Even if your spouse lives out of state, you can file for divorce in Massachusetts if you have lived in Massachusetts for at least one year or if you and your spouse have lived together as a married couple in Massachusetts and the grounds for divorce occurred in Massachusetts.
The Judge can order alimony for either spouse regardless of who filed for divorce. A Judge will order alimony if the recipient spouse is need of support and if the payor spouse has the ability to pay. The Judge can order a spouse to pay alimony all at once or periodically (eg. weekly, monthly, or yearly). If you have been married for 20 years or more, the Judge may award alimony for an indefinite time. If you were married for 15 up to 20 years, the Judge can award alimony for no more than 80% of the number of months of marriage. If you were married for 10 up to 15 years, the Judge can award alimony for no more than 70% of the number of months of marriage. If you were married for 5 up to 10 years, the Judge can award alimony for no more than 60% of the number of months of marriage. If you were married for up to 5 years, the Judge can award alimony for no more than 50% of the number of months of marriage.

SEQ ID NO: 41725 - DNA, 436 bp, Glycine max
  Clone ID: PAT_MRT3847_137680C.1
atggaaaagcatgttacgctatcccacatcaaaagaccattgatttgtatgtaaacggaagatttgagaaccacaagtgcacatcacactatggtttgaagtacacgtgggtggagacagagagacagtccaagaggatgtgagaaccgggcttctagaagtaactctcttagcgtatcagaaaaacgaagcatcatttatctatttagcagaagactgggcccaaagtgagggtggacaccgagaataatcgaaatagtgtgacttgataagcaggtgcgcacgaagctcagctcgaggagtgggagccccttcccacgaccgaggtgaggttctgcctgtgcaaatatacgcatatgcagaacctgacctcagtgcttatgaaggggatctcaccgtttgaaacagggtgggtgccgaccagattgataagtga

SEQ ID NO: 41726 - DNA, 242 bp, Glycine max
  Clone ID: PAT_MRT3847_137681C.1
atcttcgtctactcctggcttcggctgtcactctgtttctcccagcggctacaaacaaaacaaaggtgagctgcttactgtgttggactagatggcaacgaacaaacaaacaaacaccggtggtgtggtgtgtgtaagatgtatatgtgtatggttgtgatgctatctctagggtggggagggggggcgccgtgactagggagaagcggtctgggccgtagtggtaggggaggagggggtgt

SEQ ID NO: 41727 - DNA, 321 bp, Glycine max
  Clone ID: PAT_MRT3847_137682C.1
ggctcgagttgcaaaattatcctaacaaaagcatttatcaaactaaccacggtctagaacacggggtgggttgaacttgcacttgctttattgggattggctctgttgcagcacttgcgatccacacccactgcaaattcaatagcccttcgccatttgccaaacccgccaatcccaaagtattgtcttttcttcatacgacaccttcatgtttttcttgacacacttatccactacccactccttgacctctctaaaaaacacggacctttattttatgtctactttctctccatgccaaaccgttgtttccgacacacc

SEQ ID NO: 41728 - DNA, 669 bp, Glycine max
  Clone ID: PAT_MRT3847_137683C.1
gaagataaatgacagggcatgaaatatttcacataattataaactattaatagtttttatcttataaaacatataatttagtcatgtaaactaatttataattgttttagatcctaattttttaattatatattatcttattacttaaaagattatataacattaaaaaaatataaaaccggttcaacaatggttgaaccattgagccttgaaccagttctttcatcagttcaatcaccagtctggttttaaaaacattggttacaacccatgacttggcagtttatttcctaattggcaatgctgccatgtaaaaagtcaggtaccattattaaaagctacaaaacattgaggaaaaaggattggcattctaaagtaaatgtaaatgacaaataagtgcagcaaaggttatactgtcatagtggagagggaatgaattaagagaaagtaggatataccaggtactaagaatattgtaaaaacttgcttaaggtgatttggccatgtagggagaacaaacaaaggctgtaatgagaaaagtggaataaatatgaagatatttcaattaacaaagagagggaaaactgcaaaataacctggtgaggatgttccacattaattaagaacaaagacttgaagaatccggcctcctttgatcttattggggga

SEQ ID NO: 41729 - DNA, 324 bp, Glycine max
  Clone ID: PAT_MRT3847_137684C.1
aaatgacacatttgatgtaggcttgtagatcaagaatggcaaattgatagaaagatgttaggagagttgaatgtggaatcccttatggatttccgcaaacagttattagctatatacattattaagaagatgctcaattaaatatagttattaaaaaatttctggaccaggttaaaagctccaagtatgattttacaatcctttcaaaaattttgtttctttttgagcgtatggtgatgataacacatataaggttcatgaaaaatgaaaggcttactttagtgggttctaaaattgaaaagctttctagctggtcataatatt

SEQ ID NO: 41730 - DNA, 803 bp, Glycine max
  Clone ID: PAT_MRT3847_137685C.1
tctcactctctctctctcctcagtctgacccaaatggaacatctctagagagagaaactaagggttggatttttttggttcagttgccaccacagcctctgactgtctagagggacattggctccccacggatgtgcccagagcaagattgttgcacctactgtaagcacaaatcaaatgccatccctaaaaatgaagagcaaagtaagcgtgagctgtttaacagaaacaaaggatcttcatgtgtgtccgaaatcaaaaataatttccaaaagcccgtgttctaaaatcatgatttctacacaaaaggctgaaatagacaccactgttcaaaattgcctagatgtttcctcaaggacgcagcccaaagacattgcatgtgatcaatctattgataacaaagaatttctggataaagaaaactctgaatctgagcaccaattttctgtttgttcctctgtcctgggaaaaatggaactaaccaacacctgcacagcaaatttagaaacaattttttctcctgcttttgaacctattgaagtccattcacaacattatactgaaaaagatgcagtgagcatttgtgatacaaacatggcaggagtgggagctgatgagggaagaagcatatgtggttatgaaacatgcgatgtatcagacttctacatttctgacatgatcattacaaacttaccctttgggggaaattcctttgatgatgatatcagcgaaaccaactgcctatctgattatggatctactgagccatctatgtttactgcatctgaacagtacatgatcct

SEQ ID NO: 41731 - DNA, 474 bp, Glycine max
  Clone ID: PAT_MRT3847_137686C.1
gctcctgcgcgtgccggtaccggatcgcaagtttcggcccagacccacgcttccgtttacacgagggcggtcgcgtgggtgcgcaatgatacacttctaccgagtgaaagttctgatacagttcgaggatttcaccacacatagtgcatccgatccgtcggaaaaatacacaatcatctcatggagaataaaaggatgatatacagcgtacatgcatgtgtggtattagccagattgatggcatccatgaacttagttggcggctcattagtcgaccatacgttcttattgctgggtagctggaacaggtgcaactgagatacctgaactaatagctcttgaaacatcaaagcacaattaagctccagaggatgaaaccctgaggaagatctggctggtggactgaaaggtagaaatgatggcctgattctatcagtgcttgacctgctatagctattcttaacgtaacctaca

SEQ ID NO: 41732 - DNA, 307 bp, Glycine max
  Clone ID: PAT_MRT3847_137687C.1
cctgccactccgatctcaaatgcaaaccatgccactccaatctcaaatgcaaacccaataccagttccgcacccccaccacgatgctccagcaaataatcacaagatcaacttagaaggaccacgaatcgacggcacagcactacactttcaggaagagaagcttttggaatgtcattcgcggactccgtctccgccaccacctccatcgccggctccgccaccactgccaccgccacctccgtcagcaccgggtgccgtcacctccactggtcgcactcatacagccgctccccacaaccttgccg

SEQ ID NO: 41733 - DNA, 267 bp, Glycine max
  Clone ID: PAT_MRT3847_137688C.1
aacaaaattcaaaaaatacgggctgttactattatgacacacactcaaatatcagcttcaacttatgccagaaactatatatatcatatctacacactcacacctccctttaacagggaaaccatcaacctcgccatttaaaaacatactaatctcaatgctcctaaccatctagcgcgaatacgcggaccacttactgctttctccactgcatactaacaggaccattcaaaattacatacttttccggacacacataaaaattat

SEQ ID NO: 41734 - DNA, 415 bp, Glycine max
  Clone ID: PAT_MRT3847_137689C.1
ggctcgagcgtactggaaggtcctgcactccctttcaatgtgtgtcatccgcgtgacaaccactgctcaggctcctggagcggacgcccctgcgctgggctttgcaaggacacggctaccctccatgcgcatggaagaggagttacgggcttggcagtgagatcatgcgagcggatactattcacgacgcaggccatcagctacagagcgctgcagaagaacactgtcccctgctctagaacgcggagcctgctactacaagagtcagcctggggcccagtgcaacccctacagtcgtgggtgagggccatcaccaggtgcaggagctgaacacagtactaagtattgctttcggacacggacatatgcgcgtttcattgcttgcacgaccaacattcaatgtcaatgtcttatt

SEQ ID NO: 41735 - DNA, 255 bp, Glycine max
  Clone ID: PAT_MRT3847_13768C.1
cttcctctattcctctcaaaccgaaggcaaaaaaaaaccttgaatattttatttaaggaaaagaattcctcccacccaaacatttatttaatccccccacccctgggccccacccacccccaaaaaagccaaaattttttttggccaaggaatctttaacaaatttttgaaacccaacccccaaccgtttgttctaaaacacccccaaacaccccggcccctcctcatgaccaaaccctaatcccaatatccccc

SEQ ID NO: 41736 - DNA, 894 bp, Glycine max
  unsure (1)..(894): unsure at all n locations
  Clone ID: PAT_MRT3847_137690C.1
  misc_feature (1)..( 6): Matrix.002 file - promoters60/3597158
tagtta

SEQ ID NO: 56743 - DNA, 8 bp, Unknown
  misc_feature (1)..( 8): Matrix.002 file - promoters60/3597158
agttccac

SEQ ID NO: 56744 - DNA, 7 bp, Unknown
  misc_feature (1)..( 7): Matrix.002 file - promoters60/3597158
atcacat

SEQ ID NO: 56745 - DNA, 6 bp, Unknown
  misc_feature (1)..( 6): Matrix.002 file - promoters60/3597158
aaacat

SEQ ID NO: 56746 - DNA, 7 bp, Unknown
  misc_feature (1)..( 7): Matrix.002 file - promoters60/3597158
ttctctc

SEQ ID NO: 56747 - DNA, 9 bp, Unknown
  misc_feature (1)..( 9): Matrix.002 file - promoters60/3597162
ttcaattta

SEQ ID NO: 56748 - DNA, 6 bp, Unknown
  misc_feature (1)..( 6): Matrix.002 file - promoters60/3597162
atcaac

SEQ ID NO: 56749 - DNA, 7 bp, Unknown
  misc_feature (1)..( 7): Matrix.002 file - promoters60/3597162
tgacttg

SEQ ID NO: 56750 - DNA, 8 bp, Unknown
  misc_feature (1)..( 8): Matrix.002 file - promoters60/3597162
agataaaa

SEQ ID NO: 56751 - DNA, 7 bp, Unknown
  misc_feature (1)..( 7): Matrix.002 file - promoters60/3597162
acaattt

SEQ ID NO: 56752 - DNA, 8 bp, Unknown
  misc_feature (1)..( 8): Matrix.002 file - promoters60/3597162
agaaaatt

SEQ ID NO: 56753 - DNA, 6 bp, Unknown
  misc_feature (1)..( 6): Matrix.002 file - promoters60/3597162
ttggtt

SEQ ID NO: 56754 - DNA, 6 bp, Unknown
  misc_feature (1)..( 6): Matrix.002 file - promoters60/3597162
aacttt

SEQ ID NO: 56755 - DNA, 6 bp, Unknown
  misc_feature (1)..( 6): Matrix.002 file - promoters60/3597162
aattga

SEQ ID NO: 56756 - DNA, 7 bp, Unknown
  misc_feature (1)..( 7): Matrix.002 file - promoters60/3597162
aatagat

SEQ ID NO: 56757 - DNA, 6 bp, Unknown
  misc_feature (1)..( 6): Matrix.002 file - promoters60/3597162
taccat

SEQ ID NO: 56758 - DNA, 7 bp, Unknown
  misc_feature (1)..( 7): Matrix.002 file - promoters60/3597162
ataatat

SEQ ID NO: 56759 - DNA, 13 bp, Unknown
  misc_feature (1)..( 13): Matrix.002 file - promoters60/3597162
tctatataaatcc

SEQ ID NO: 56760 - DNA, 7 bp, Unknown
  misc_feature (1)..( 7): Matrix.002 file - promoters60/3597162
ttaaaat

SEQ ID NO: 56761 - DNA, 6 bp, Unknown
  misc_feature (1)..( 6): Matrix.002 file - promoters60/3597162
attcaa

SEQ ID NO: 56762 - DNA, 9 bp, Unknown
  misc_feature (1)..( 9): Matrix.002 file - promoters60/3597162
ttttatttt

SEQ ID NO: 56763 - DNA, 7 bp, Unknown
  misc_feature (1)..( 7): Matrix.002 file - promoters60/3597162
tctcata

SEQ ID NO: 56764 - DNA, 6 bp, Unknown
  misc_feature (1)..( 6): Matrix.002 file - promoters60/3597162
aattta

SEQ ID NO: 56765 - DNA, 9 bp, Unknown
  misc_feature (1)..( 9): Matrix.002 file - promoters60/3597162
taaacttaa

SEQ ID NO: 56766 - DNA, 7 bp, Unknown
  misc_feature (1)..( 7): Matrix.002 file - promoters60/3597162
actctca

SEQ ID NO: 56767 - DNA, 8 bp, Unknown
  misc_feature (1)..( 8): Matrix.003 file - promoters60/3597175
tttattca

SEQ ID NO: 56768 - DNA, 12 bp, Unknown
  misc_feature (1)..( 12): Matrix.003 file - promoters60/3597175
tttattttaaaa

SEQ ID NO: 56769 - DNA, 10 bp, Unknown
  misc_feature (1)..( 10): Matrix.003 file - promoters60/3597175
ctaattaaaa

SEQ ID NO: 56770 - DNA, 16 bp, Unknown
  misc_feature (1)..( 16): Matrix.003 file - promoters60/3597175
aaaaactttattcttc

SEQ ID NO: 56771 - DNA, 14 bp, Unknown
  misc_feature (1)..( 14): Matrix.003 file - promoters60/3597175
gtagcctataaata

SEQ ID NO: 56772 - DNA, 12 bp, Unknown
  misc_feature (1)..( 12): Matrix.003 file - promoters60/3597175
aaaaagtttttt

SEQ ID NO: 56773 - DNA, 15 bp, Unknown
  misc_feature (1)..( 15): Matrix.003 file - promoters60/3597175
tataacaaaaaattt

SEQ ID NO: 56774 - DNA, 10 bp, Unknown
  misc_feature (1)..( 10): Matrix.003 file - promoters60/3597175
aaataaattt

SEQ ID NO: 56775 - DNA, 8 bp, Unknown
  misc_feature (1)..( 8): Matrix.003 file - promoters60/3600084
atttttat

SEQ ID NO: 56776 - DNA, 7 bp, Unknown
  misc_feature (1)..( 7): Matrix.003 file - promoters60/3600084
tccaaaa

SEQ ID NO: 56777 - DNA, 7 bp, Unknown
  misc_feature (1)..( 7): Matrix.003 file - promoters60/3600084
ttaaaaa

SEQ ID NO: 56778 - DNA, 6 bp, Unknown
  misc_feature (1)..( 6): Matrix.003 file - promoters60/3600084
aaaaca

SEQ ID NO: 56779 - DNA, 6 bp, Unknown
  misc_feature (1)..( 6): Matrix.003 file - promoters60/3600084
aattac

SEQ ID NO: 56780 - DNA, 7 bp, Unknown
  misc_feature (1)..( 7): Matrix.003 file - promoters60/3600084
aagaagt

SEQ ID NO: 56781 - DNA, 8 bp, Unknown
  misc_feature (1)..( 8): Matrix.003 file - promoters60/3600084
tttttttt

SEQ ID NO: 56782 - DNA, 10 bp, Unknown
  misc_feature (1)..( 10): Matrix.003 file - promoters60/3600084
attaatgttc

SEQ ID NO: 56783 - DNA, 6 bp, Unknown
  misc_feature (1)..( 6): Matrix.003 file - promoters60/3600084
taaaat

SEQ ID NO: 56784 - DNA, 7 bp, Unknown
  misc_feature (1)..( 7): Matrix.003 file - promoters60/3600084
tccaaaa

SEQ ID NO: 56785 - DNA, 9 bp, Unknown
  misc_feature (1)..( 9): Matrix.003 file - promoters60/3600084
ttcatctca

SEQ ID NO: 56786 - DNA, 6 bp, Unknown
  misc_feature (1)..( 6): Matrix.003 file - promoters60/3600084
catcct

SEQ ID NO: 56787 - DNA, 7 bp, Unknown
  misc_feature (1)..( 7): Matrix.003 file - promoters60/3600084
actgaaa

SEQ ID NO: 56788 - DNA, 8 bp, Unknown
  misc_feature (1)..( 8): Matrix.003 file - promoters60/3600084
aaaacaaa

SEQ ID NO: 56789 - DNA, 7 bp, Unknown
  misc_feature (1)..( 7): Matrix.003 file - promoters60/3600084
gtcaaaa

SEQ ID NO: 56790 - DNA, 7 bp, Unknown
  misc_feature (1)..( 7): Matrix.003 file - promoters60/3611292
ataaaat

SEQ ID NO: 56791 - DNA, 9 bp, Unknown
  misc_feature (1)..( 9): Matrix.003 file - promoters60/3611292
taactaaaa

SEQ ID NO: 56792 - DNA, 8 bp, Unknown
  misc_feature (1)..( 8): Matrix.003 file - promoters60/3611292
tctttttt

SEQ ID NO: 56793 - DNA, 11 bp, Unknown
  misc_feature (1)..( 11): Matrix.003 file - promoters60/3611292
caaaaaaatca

The Court has a tracking system for divorces. Divorces are assigned to a 14 Month Track. That means the divorces should be settled, dismissed, or go to trial within 14 months.
My spouse and I last lived together many years ago and I don’t know where he lives. I am worried we won’t be able to serve him with the Divorce Complaint.
No worries, there is a procedure to publish notice of the Divorce Complaint in the newspaper and obtain a divorce.
You can still get a divorce even if your spouse does not want one. Massachusetts does not force a couple to stay together if one person no longer wants to be married. However, it can?complicate the process if the other party does not want to go through with it